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Changing Bodies, Changing Habits

As we age, the various modifications of our bodies’ composition are likely to occur. First of all, the natural decrease in body mass will affect strength; thus, with the anticipated decline of physical activity, we need fewer calories. The decrease of physical strength is observed among both men and women and is a natural part of the aging process.


Muscle activity is also affected by this process, yet there is no reason to gain weight. Additionally, the studies proved that the gaining of weight is not associated with the increase in strength and physical activity. Maintaining weight at the appropriate level by dieting and moderate physical exercise is the ideal goal. 

By the age of 50, the muscles and body weight can easily be supported by a relatively active lifestyle. When creating a balance between muscle activity and calorie intake, both muscles and body weight were able to regulate each other.


Things like a busy lifestyle, traumatic loss, or injury can quickly result in loss of strength and an overall decrease in physical activity, opening the door to the various disabilities. These patterns often are observed in the aging population, which is why dieting and participating in sports appropriate to body mass and muscle abilities are so important.

Making the transition to an organic plant-based diet will improve to be results and is actually cheaper in the long run, for food and healthcare costs. When inorganic foods are consumed, the body fails to recognize the food is being eaten, and the lack of nutrition triggers the body to signal demands for more food to fulfill the nutritional needs.


However, when organic plant-based foods are consumed, then less is needed because the body is receiving and recognizing the nutrition derived from these foods.


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Protein is among the macronutrients which are affecting the physical activity. There are micronutrients older adults require, such as Calcium, Vitamin K, and Vitamin C. Calcium is particularly helpful to minimize bone loss. Older adults have an increased risk of bone weaknesses, often leading to osteoporosis and hip fractures.


Moreover, it is common that older populations usually wear knee and wrist protection guards in efforts to decrease their risk for bone fractures. The Linus Pauling Institute provides a recommendation that older adults consume a multivitamin or mineral supplement to provide adequate levels of Vitamin K for healthy bones.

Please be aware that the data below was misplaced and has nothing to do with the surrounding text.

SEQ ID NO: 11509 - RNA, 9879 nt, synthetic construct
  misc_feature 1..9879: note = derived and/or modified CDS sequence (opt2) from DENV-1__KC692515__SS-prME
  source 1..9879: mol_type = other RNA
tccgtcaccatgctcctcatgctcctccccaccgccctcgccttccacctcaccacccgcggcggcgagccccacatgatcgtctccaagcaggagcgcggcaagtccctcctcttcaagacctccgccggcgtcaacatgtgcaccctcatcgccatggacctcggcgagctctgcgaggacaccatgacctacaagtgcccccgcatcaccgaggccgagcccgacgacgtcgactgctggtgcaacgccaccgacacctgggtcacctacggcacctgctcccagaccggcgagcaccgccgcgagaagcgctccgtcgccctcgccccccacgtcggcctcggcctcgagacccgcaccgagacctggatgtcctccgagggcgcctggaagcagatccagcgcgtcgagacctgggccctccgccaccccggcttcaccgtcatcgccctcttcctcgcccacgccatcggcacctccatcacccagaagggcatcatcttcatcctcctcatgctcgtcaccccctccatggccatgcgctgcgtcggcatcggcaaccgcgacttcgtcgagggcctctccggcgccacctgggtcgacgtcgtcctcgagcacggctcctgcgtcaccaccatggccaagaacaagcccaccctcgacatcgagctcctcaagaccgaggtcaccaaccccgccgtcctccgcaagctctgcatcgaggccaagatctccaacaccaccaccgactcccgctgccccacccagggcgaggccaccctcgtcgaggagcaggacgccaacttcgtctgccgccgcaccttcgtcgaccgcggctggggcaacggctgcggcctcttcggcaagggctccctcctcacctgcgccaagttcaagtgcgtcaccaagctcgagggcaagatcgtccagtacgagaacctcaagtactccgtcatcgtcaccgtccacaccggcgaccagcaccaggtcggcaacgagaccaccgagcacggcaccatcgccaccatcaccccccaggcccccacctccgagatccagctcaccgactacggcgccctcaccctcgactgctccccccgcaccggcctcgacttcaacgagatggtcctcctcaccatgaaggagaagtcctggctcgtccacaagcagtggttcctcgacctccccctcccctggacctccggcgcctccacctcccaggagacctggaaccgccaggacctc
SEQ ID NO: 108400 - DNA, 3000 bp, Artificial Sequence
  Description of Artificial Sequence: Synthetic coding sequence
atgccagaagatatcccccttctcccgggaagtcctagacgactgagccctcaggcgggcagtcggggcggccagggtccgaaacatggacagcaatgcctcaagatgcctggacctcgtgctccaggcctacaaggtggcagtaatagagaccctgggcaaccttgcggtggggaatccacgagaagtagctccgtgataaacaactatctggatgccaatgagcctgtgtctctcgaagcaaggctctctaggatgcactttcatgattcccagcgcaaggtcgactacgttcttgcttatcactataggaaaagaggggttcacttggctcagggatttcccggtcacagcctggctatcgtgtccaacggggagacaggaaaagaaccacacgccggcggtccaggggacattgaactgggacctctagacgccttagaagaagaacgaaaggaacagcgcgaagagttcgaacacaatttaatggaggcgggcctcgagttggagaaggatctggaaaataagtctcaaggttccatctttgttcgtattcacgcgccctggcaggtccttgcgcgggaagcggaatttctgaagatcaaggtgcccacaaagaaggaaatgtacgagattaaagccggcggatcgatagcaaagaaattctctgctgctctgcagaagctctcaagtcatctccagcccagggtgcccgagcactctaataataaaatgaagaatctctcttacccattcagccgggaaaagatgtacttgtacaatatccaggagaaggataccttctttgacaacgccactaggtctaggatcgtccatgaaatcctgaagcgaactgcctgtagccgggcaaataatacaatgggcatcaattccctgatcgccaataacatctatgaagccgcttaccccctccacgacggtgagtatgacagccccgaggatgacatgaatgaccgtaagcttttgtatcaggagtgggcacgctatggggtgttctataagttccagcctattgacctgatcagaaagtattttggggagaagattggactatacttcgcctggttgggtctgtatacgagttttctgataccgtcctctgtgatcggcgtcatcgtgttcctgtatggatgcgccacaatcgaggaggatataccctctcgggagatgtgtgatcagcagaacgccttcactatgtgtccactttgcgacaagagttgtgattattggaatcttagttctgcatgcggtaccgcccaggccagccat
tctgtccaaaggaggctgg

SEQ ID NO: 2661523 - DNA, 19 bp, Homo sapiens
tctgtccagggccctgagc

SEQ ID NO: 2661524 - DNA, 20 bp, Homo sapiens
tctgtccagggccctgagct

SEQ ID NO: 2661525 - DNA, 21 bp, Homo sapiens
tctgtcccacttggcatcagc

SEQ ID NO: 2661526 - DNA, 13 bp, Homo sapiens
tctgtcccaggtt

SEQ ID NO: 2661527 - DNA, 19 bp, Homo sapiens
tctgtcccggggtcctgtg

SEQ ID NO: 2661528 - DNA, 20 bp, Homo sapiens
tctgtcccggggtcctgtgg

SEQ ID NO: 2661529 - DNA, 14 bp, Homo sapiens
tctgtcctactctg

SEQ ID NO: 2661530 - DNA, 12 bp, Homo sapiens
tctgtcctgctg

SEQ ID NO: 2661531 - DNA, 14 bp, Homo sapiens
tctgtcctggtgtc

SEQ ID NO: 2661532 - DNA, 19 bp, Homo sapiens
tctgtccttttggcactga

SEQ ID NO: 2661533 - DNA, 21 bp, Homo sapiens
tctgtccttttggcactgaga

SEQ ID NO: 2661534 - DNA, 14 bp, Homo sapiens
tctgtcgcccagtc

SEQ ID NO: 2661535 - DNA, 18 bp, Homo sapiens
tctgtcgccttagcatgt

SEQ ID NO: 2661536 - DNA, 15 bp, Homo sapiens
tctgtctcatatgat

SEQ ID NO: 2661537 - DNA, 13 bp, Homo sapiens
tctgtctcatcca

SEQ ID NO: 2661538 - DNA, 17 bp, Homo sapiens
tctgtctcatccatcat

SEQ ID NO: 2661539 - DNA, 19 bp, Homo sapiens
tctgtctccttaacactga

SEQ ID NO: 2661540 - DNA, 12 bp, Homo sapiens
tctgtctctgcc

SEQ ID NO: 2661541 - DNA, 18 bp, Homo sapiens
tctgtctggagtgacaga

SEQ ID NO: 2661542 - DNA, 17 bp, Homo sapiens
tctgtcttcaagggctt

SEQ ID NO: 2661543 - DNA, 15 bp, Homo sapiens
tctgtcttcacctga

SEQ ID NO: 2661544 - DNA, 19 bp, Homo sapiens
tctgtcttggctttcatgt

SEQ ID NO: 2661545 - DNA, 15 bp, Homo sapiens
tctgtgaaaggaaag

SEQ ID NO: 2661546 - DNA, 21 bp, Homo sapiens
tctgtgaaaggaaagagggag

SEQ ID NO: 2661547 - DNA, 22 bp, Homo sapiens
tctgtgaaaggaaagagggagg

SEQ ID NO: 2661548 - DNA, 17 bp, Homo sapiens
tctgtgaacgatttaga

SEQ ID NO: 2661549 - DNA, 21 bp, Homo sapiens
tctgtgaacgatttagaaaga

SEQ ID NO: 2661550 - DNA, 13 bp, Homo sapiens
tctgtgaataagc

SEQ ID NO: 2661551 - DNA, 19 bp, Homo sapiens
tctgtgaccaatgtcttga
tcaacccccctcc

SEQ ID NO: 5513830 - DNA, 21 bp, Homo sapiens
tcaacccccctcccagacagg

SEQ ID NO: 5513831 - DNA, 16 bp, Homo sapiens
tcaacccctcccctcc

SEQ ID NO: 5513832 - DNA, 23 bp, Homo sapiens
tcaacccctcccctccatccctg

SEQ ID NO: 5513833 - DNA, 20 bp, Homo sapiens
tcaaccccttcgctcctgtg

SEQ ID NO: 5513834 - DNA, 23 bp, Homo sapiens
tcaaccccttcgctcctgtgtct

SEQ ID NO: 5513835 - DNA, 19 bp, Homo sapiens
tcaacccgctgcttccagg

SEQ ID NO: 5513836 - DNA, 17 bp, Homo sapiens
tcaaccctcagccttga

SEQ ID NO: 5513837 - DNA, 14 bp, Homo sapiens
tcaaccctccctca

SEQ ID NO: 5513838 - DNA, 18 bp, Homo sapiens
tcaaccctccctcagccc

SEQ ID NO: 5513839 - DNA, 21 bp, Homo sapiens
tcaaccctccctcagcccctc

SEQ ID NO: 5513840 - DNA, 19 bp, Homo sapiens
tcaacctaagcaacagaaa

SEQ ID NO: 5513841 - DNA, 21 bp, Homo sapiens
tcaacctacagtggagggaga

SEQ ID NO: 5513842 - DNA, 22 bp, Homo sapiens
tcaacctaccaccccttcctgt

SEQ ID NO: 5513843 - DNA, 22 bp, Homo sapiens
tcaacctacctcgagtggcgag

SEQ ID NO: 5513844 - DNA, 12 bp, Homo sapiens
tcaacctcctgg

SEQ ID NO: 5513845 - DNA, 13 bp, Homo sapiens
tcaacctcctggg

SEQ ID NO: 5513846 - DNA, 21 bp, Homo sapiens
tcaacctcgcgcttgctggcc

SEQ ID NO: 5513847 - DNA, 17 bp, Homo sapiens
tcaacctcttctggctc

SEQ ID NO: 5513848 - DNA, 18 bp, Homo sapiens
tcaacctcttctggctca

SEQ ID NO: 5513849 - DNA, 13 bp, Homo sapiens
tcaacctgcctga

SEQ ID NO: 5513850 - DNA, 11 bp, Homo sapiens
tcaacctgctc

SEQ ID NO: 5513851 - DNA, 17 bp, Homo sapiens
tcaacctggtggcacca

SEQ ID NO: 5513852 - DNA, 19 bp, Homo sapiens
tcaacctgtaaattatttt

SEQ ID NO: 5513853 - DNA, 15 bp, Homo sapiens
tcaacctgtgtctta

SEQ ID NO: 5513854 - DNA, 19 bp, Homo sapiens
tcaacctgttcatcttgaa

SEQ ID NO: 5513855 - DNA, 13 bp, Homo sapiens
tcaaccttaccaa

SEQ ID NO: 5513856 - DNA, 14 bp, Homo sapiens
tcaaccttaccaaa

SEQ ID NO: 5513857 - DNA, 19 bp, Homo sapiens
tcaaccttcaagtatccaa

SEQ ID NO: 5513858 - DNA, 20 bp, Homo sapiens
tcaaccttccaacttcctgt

Additionally, it is recommended to include one or more cups of dark green leafy vegetables every day in efforts to decrease the risk of bone fractures. 


It is becoming more evident that older adults need higher levels of Vitamin C due to chronic diseases related to older aging. A daily vitamin C intake of at least 400 milligrams is potentially essential for older adults who are at higher risk of chronic illnesses in which are partially triggered by damages related to oxidative stresses, such as stroke, specific cancers, cataracts, and heart disease.

There are various socioeconomic factors, which have a significant effect on health, wellbeing, and quality of life of aging populations. One of the most common associations with aging is that older people are unable to contribute to economic growth (hold a job, pay taxes, community participation).


This is a significant reason why older adults can feel excluded from society. Interestingly, being in this state affects nutrition and activity levels - and a lack of motivation is found to improve these circumstances.

Another socioeconomic issue associated with aging is the lack of resources. While younger people have a chance to achieve a better socioeconomic status, especially in developed countries, the aging population observes itself as the one needing to ‘settle down.’


Limited resources play a notable role in the self-defining of the elderly, often feeling there is no longer the chance to gain new exciting experiences. These factors directly damage the psychological and physiological state and should be taken into consideration when resolving health issues.

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Getting Healthy Together

If you want your health goals to stick, motivate your family members to jumpstart their health too. Research has found that people are more likely to make positive health changes if their family follows suit.

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Thane Murphy

Thane Murphy

Thane is a disabled USMC veteran who suffers from PTSD incurred by a severe Traumatic-Brain Injury during his service. He’s experienced invasive and debilitating skin rashes since childhood and was diagnosed severely obese and pre-diabetic. Since then, he’s found a cure through diet and nutrition. Thane graduated Summa Cum Laude from Purdue University, specializing in Nutrition and Holistic Medicine. He is now pursuing his Ph.D. in Holistic Natural Health, Healing, and Nutrition at the University of Natural Health.

Are you addicted to salt and sugar?

Many of us don't even realize that we are addicted to two harmful substances that can easily be substituted. If you love sugar, try using maple syrup. If you love salt, try using Pink Himalayan Salt. Can you believe these two simple replacement ingredients have health benefits?

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Health has never tasted so good.

Plant-based varieties have proven to reduce the risk and progression of disease. Guess what? You can still have fun on date night indulging in sweets you never knew existed.

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